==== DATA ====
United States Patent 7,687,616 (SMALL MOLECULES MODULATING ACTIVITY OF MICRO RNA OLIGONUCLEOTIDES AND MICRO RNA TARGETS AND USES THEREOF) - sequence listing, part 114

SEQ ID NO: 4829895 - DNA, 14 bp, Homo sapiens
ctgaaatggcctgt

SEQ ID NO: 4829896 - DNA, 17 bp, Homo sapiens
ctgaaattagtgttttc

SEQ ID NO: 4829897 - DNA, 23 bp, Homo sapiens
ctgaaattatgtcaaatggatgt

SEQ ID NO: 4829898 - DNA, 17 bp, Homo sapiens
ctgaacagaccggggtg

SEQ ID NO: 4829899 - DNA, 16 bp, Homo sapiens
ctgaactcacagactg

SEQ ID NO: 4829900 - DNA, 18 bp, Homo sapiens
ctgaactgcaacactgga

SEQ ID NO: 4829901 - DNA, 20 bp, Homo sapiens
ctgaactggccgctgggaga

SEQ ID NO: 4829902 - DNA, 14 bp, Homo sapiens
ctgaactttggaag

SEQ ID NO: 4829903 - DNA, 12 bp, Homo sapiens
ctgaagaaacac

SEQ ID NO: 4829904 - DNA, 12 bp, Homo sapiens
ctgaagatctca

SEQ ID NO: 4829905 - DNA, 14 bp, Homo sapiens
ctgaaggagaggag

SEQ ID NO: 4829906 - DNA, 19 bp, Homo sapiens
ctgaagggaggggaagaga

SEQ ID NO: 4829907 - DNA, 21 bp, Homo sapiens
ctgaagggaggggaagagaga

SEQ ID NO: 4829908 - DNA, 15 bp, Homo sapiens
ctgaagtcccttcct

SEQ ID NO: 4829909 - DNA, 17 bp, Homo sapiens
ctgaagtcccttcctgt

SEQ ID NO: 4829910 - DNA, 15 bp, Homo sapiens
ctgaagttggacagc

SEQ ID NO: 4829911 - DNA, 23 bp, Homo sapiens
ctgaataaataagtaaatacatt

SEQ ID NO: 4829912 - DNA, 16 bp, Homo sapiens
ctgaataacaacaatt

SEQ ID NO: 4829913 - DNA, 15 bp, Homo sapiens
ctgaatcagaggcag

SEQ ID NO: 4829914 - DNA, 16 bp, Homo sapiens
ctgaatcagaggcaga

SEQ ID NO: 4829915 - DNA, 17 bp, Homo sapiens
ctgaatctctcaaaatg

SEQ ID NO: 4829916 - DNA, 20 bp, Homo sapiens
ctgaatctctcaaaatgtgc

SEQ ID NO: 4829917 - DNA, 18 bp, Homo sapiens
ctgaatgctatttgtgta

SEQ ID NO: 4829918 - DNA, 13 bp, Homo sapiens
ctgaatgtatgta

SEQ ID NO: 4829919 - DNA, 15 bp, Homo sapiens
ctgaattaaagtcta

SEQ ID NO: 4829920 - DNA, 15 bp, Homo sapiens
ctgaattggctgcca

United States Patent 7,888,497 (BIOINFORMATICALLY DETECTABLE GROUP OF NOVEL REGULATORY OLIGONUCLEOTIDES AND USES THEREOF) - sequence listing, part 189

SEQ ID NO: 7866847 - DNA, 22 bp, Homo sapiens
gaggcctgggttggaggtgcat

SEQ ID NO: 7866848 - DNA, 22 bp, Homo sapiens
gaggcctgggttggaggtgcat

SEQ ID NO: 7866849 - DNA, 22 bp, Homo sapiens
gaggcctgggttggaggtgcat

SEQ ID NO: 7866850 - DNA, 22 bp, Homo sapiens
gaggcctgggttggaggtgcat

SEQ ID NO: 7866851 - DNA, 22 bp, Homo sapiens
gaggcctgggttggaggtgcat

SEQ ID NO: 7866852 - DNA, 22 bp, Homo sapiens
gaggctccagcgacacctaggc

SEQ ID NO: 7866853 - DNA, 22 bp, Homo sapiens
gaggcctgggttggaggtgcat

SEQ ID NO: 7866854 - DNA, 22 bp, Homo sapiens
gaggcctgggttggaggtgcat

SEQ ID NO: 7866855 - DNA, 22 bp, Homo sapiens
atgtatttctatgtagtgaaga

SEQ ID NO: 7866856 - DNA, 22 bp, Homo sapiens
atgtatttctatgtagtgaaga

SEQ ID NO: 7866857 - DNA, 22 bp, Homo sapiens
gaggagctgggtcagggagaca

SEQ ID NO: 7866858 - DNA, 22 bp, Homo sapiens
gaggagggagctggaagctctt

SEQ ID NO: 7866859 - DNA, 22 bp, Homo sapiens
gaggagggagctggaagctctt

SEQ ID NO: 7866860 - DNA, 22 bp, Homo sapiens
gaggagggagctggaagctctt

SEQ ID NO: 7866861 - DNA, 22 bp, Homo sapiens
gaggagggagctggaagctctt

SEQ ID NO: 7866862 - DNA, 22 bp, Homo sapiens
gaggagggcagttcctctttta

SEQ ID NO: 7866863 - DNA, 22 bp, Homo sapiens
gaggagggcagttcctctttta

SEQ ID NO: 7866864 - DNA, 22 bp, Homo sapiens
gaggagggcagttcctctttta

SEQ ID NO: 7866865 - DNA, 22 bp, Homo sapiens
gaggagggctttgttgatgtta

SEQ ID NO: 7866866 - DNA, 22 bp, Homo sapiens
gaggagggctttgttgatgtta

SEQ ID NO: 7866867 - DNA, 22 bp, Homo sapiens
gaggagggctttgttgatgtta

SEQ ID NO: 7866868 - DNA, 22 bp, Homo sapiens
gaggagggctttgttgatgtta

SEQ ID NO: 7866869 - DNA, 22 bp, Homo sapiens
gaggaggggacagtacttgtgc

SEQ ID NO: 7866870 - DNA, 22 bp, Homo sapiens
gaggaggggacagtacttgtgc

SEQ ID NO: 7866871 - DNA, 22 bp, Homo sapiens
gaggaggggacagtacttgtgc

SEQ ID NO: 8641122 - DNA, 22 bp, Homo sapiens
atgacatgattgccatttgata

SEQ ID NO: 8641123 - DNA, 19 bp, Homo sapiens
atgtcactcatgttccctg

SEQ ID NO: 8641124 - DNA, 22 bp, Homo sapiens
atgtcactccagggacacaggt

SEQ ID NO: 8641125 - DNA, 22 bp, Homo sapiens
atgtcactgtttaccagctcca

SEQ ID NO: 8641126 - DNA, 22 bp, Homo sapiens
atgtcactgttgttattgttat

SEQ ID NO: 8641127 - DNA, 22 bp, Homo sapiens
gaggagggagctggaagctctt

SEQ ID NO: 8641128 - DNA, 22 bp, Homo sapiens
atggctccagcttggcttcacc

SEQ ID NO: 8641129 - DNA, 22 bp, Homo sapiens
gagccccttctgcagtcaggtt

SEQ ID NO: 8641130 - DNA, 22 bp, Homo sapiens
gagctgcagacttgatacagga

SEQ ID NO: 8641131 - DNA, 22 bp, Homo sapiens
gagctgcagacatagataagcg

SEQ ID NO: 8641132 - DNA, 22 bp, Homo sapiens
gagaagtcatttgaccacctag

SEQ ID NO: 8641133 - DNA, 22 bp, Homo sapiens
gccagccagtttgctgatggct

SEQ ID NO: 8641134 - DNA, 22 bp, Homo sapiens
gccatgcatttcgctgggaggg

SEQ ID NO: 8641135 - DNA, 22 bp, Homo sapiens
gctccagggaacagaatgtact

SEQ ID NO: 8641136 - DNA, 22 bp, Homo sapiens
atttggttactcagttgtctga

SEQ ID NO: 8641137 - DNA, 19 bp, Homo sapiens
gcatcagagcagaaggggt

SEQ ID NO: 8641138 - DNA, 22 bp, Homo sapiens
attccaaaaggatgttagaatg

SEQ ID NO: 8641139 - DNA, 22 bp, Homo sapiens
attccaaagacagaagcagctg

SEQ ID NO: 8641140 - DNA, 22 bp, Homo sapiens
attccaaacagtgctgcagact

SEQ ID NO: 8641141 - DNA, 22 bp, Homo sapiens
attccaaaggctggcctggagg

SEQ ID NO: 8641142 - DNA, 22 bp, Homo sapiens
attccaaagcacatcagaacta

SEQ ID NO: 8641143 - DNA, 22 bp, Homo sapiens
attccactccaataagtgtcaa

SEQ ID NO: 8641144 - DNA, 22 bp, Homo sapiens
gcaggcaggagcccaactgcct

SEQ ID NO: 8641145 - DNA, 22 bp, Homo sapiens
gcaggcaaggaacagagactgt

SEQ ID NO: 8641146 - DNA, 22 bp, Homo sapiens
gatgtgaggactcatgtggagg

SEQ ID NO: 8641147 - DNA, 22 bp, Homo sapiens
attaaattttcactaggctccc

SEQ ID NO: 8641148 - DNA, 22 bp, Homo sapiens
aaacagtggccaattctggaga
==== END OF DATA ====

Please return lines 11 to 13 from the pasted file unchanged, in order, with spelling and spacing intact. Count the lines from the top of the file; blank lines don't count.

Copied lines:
ctgaactcacagactg

SEQ ID NO: 4829900 - DNA, 18 bp, Homo sapiens
ctgaactgcaacactgga